The Trouble with Cows
On the night before we started our journey back to San Diego from Lowestoft, England, my husband went out to the Dolly’s Dumplings Cache in Carlton Marshes to leave our travel bug. For those not geocaching-savvy, a travel bug is a barcoded metal keychain that you leave in a geocache hoping that a fellow geocacher will go to that cache, open up the goody box, take your tag home and log its whereabouts into the geocache website, then hike your tag out to another geocache for someone else to find and log. In this way, your travel bug will travel the world and, cross your fingers, reach a cache near you sometime in your lifetime. We attached our travel bug to a black London taxi. Unfortunately, every time we planned to hike that bug out to Dolly’s Dumplings as a family, it rained. So my husband hiked out into the marshes on our very last night, all alone.
While he was hiking to the cache, a large group of cows started following him. He could see them clearly, as the sun stays out until 9:30 or later during summer in Lowestoft. And those cows could see him right back. At first, he just noted the mass bovine movement behind him and thought it funny. A few of them reminded him of dogs wanting to play, running toward him and then suddenly turning away. Then the cow pack picked up speed. So did he. Very quickly, it turned into a chase, with my tall lean husband fleeing thirty bulky but surprisingly fast bovine. My husband’s first thought was, “How do I get out of this?” followed by, “I’m going to be trampled by Lowestoft cows and never get home.”
He called me during the early moments of the encounter. “I’m being stalked by cows,” he said incredulously. “Cows?” I asked. “Cows!” he shouted. He was winded, he had been cutting back and forth, on the brink of an all-out flight for his life, after all. Safe in a house a mile away, I didn’t appreciate his fear. Cows are silly-looking, dull creatures who have never impressed me as being particularly smart or energetic. I couldn’t picture a pack of them chasing anybody. So I laughed. “I’m serious,” he said. “It’s scary.” He was headed for a small stream, he told me, and he’d try to lose them there. He planned to jump over the stream if he had to. He put the phone away saying, “It’s funny, but I’m really scared. I’ll call you back.”
I have since learned that cows weigh the better part of a ton and can easily outrun a human. And they do attack. A quick google search of “cow attacks in England” turned up a whole bunch of them in June and July alone. Folks were trampled, killed, and put into comas by cows. One guy was knocked down and then sat on for an entire hour before he finally managed to gouge the merciless cow in the eyes and escape. That man had a metal rod inserted into his back after the attack. In June, an authoritative body in England called the Country Land and Business Association issued a formal alert to walkers warning them to “avoid walking through fields with livestock whenever possible.” Well, that pretty much cuts out any field in Suffolk. Ignorant of the warning, I’d been walking my boys right past these violent creatures on our frequent hikes. I get chills just thinking about what might’ve been. I had no idea. And there weren’t any warning signs posted to give clueless walkers like myself an idea. Oh, they have graphic signs reminding you to clean up after your dog… but no “Beware of the Stalking Cows” signs.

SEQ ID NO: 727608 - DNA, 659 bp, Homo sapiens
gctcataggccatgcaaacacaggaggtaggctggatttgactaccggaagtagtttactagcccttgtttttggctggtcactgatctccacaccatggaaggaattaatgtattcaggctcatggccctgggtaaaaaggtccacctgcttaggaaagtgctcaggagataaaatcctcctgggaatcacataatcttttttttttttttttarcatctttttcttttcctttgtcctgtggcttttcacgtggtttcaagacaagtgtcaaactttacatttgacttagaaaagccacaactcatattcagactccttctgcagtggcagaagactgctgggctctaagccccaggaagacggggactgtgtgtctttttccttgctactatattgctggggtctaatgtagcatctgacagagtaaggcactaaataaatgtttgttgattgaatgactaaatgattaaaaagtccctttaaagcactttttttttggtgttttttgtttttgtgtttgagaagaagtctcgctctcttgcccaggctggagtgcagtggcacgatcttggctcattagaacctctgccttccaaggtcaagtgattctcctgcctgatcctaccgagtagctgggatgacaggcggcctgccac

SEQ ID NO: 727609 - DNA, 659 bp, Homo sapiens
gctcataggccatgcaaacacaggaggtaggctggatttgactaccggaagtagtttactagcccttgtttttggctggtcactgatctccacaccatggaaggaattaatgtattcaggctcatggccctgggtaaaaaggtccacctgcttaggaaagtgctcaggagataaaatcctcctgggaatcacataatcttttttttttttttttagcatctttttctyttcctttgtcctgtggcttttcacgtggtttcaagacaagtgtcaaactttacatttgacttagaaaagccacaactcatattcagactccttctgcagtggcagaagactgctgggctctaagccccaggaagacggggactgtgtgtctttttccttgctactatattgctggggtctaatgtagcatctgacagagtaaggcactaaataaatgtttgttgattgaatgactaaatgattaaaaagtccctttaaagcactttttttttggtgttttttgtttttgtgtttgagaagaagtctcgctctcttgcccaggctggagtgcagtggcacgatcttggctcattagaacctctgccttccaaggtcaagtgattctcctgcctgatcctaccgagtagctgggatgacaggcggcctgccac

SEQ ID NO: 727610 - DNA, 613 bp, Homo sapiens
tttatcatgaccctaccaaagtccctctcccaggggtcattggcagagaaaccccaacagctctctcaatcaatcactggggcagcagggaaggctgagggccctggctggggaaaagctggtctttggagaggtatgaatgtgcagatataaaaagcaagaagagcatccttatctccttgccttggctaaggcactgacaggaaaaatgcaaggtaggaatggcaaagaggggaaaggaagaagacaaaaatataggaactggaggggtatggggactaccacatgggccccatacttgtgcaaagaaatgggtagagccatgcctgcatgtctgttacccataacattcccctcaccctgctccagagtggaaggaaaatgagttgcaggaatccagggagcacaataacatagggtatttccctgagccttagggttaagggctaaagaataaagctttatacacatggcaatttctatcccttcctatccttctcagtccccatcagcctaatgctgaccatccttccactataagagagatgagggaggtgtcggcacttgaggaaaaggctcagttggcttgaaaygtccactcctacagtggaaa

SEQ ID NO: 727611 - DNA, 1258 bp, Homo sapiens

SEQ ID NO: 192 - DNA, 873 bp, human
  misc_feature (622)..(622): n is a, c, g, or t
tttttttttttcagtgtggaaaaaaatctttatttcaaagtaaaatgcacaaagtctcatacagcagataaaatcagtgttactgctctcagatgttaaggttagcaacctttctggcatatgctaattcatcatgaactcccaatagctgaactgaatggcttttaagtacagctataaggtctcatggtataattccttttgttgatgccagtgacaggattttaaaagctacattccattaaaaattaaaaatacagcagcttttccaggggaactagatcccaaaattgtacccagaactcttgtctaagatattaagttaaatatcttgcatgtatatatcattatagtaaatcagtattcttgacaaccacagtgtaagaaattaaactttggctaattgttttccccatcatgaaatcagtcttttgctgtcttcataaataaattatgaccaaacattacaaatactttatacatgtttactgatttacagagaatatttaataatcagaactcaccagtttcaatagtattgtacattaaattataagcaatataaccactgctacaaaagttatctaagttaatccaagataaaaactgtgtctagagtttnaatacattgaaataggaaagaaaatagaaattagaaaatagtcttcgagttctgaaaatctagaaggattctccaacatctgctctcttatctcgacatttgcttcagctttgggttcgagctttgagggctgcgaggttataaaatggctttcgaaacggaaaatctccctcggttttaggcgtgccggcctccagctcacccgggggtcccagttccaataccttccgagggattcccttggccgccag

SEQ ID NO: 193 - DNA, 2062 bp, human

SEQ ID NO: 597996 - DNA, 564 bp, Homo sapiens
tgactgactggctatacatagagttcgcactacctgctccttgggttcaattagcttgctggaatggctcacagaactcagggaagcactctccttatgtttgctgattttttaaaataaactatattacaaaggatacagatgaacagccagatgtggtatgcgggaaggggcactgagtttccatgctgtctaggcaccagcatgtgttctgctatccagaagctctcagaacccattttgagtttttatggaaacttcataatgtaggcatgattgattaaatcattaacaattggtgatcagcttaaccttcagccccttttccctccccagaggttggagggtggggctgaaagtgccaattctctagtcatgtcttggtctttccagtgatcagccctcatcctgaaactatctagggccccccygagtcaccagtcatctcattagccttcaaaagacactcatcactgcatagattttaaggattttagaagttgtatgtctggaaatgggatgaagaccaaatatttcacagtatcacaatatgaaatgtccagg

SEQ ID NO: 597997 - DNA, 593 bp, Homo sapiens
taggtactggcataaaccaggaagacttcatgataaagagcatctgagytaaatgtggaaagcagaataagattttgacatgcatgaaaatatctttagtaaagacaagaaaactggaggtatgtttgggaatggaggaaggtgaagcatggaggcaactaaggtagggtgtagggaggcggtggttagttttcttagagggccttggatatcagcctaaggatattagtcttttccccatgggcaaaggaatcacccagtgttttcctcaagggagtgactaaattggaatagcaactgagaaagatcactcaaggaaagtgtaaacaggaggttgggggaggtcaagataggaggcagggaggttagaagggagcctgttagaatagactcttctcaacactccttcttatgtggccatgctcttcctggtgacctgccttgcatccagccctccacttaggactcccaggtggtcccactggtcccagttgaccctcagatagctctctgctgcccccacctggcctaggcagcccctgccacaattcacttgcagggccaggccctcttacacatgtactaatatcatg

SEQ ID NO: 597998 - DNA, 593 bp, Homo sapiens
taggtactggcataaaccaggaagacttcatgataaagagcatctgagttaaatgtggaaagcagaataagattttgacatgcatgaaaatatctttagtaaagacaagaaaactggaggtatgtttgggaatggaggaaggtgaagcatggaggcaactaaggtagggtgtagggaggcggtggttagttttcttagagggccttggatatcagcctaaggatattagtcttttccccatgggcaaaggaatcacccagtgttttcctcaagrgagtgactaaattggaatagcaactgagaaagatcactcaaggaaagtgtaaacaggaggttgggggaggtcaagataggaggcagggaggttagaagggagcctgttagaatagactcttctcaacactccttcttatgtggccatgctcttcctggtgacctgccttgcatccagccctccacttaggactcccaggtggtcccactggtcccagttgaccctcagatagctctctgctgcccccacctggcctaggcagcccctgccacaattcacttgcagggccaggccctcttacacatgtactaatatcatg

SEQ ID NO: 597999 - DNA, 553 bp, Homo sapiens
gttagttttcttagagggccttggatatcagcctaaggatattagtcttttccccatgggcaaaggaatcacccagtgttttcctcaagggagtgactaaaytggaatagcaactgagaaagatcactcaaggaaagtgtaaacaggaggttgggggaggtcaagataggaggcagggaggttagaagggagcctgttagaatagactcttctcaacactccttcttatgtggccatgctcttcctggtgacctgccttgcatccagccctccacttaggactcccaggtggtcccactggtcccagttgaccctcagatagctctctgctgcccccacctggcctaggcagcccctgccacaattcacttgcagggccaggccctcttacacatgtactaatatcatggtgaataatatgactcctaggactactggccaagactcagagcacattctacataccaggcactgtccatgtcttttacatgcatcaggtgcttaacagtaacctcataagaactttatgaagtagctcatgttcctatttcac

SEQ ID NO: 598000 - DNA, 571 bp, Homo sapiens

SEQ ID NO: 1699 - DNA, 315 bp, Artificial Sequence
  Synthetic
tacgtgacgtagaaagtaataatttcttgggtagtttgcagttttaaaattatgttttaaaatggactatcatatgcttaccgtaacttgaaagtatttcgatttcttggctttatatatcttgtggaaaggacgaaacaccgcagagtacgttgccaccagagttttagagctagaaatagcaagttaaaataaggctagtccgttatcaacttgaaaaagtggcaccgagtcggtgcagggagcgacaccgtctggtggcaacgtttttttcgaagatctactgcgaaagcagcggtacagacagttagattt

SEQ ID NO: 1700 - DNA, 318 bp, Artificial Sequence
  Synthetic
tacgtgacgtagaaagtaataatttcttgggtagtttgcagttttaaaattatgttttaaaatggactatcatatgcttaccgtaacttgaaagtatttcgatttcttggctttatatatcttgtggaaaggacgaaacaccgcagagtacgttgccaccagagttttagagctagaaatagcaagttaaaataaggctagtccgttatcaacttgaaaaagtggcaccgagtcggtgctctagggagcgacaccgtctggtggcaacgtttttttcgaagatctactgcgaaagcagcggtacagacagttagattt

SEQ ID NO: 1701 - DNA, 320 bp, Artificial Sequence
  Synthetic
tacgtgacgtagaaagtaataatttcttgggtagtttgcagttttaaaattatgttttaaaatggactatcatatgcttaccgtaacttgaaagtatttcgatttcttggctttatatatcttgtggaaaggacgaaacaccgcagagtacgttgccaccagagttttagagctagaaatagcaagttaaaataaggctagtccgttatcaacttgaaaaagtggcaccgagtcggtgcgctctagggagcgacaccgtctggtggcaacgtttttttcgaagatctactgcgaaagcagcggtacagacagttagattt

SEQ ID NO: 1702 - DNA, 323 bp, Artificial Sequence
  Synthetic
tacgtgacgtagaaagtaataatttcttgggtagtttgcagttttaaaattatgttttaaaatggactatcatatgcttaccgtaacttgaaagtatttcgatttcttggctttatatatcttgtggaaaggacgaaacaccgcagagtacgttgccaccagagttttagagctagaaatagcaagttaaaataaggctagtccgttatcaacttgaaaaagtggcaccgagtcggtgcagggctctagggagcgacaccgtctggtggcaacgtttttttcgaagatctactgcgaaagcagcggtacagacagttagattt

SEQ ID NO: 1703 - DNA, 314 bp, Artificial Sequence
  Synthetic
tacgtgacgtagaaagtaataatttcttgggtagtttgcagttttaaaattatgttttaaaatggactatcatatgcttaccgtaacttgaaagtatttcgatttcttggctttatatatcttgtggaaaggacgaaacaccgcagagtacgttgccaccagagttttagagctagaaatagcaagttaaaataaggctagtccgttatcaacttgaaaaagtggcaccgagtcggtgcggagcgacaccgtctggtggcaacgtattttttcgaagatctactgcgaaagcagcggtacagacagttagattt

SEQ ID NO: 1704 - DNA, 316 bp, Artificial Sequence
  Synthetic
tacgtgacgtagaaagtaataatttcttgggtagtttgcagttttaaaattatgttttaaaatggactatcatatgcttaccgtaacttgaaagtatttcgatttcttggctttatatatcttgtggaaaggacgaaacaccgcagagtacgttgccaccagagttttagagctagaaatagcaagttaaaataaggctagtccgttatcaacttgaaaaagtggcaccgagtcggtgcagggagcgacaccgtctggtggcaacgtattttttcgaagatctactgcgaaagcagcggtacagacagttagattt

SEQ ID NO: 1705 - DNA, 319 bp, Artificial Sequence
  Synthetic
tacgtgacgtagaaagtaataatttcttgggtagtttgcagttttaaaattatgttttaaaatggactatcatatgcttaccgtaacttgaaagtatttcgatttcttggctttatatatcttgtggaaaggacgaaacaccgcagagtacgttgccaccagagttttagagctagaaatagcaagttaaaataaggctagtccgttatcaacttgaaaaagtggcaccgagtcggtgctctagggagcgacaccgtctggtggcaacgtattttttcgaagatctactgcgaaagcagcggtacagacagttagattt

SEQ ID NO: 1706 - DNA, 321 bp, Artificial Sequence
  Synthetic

I’m ever so happy to report that my husband eventually evaded the cows, and he did it without fording any bodies of water. He was able to turn around, hike back to a gated fence, climb over it, putting the wood between him and his pursuers, and get to the cache a different way. I’ve got pictures of the stream and fence from another hike, one with the boys. My husband didn’t have the camera that night he was chased, so no blurry shots of stampeding bovine. Eventually Daddy reached the cache and left our travel bug.
When he got home, my husband said that if the boys had been with him out there, he would have immediately hucked them over the river one by one and then jumped himself. Having lived through a ‘dog attack’ with my boys, I have my doubts about the reality of that statement. Sure, my husband could throw them, quite easily…but he’d have to unwrap their vicelike arms from his legs first. Maybe with a crowbar he’d have a chance.
So there you have it. Apparently we’d been putting our sons lives at risk for months and didn’t even know it. Those silly, dull, sneaky cows…